Throughout polling day, LDV will be running short pieces by readers giving their personal reasons for supporting the Liberal Democrats when they go to the polling station today.

This year, I had to think very hard about this. Despite being a member and campaigning to re-elect Ed Davey, I wasn’t convinced. In a safe seat and subsequently we hear little from any party – my decision therefore had to be made on national lines. None of the parties are trying that hard to bribe single, childless, Twentysomething women so there wasn’t much there to deliberate.

Posted in Op-eds | Tagged | 8 Comments

Opinion: An MP who takes me for granted has left me feeling disenfranchised

Confession time. I’m a political activist and I’m not currently registered to vote. I have dropped off thanks to individual voter registration and I haven’t sought to redress it.

This is something which I find reprehensible, yet I am lacking the motivation to correct it.

I live in Esher and Walton which since 1906 has only ever returned a conservative MP. The lowest majority was in the 1930s, it was 16%. Dominic Raab got 58% of the vote in 2010, a majority of around 18,000.

I’ve written to Raab on a number of occasions and always got a reply. Often quite half hearted but it’s always come.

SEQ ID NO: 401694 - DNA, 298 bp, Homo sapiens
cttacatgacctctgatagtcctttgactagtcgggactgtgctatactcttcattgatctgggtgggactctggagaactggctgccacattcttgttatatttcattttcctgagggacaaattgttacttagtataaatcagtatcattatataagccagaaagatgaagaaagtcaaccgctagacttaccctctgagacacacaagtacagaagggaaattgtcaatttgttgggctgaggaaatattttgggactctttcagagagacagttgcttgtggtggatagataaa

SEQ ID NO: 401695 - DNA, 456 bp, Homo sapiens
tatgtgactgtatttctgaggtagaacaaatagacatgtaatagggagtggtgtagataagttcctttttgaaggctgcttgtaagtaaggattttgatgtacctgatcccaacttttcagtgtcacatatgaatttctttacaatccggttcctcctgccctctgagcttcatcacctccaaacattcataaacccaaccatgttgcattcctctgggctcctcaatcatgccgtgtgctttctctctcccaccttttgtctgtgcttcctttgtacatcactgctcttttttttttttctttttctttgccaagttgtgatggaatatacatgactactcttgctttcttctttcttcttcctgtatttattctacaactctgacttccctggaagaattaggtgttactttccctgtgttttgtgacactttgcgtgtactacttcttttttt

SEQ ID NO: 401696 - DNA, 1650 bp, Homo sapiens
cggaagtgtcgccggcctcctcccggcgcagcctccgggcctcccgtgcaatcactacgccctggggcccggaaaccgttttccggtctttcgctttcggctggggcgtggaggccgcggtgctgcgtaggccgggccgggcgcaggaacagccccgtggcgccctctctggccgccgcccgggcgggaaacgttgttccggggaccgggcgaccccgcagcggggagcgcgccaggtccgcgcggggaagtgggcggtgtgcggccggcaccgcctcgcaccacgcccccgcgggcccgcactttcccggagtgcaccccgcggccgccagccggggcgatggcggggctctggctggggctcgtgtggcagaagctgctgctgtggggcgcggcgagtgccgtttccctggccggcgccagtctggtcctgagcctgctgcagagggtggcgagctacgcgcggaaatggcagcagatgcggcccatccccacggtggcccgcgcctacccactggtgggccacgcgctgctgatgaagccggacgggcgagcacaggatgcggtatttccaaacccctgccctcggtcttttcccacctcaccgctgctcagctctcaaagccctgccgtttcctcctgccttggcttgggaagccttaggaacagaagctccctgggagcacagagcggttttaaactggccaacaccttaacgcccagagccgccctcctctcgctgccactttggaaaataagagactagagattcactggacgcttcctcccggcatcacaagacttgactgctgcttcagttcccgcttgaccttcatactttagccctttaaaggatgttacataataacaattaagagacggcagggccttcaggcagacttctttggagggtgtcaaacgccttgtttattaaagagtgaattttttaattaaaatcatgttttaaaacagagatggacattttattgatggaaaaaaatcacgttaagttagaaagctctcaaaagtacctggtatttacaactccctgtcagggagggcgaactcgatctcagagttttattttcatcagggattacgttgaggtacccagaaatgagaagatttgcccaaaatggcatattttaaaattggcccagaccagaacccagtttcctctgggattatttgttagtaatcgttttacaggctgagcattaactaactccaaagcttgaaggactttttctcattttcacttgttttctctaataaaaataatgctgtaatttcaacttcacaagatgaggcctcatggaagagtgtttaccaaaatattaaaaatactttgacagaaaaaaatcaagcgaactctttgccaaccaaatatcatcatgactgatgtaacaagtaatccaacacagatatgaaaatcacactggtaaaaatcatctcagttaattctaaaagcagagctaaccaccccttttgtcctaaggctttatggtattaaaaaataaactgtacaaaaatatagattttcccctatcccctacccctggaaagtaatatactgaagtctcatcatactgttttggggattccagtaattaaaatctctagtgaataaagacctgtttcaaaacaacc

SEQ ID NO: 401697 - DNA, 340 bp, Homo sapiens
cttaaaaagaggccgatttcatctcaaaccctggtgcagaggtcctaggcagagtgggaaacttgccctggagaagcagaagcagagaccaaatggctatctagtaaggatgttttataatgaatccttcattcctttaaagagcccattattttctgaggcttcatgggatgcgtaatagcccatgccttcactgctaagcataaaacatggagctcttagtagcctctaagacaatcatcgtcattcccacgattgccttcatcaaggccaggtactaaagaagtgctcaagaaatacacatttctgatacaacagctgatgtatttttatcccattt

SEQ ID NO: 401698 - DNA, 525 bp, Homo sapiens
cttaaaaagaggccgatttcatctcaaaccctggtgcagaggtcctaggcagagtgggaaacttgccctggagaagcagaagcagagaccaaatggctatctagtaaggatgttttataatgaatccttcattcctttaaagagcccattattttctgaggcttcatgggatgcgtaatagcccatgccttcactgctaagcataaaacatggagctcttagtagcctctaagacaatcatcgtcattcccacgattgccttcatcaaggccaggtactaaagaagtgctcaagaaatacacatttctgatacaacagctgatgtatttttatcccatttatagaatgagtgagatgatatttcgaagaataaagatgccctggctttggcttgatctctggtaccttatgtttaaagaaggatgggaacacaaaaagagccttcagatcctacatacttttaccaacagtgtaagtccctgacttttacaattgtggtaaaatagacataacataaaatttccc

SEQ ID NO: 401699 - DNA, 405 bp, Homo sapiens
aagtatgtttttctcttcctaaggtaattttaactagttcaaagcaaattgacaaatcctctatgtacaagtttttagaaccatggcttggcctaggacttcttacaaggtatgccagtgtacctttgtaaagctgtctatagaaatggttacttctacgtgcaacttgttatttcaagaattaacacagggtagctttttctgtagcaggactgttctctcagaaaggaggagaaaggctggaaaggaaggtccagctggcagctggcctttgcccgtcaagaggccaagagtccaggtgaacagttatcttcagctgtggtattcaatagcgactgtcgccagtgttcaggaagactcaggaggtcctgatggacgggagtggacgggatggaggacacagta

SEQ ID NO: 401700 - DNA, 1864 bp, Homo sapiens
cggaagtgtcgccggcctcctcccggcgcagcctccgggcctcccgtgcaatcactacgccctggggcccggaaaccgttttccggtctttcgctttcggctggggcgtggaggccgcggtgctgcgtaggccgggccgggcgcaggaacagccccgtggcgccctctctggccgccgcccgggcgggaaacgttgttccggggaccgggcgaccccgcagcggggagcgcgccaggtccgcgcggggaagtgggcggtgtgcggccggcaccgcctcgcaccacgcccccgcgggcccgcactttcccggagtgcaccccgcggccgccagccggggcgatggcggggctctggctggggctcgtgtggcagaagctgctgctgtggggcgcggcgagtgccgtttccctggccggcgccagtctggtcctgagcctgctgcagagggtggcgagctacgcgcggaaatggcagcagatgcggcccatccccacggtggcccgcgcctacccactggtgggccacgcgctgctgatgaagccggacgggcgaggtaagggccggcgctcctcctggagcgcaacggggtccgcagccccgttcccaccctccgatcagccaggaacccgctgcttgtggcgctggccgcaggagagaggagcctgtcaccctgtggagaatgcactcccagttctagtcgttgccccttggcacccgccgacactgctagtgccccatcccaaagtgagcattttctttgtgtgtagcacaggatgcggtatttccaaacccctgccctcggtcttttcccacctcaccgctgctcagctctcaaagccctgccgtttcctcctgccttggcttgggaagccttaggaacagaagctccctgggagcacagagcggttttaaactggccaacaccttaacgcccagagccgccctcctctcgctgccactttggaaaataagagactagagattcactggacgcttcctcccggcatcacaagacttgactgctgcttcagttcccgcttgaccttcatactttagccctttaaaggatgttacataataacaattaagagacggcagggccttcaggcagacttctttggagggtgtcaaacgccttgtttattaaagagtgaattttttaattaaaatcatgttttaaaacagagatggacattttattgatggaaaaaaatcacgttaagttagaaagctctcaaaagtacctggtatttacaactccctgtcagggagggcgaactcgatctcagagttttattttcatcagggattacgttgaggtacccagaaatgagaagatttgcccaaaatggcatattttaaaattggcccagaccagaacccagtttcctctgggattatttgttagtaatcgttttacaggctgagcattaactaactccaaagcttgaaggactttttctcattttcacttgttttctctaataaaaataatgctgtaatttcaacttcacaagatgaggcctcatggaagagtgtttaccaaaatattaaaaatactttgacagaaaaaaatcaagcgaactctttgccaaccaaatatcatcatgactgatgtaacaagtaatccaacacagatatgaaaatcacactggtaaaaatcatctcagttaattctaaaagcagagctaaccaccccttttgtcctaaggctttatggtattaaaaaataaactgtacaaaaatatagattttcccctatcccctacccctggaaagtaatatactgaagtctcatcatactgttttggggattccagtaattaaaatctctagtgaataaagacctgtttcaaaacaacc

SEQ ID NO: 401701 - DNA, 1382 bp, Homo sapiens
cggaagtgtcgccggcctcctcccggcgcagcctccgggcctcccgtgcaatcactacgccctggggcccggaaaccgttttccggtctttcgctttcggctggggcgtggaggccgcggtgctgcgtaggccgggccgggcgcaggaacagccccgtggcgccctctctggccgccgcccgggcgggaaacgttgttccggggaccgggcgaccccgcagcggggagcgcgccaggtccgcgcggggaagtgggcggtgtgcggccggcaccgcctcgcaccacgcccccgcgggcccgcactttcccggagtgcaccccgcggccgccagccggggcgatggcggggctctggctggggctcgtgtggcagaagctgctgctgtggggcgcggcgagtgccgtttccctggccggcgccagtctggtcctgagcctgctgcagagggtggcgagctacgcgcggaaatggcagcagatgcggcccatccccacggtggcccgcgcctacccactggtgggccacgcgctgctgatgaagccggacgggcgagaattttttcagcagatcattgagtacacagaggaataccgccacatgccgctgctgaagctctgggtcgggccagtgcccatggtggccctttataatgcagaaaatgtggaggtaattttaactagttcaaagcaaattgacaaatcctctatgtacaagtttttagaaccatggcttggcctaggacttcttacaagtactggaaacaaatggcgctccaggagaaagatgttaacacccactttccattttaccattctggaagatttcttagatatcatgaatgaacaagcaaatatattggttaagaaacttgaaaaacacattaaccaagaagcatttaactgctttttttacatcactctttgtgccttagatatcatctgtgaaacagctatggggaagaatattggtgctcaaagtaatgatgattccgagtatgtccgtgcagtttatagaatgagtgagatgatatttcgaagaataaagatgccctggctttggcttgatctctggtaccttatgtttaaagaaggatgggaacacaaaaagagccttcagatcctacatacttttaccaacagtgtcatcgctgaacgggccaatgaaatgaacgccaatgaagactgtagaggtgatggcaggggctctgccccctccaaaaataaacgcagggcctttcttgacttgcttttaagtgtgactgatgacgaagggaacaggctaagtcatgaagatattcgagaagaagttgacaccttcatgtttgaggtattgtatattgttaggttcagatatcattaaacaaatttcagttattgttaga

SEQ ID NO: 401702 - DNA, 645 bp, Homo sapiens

Posted in Op-eds | Tagged and | 33 Comments

Opinion: a need for equality? Yes, but short lists aren’t the way to achieve this

As much debate about party funding and selection rumbles on, the issue of increasing diversity amongst MPs continues to hover in the background.

I would never deny that the under-representation of women or people from BME backgrounds needs to be addressed, however there is a much more pressing diversity issue, that of diversity of social class and occupational background.

Parliament is currently overrepresented by those who have been researchers, Special Advisors and lobbyists. To give some context to this statement: the House of Commons research library reported in 2010 that 14% of the current intake of MPs have worked previously in political …

Posted in News and Op-eds | Tagged and | 9 Comments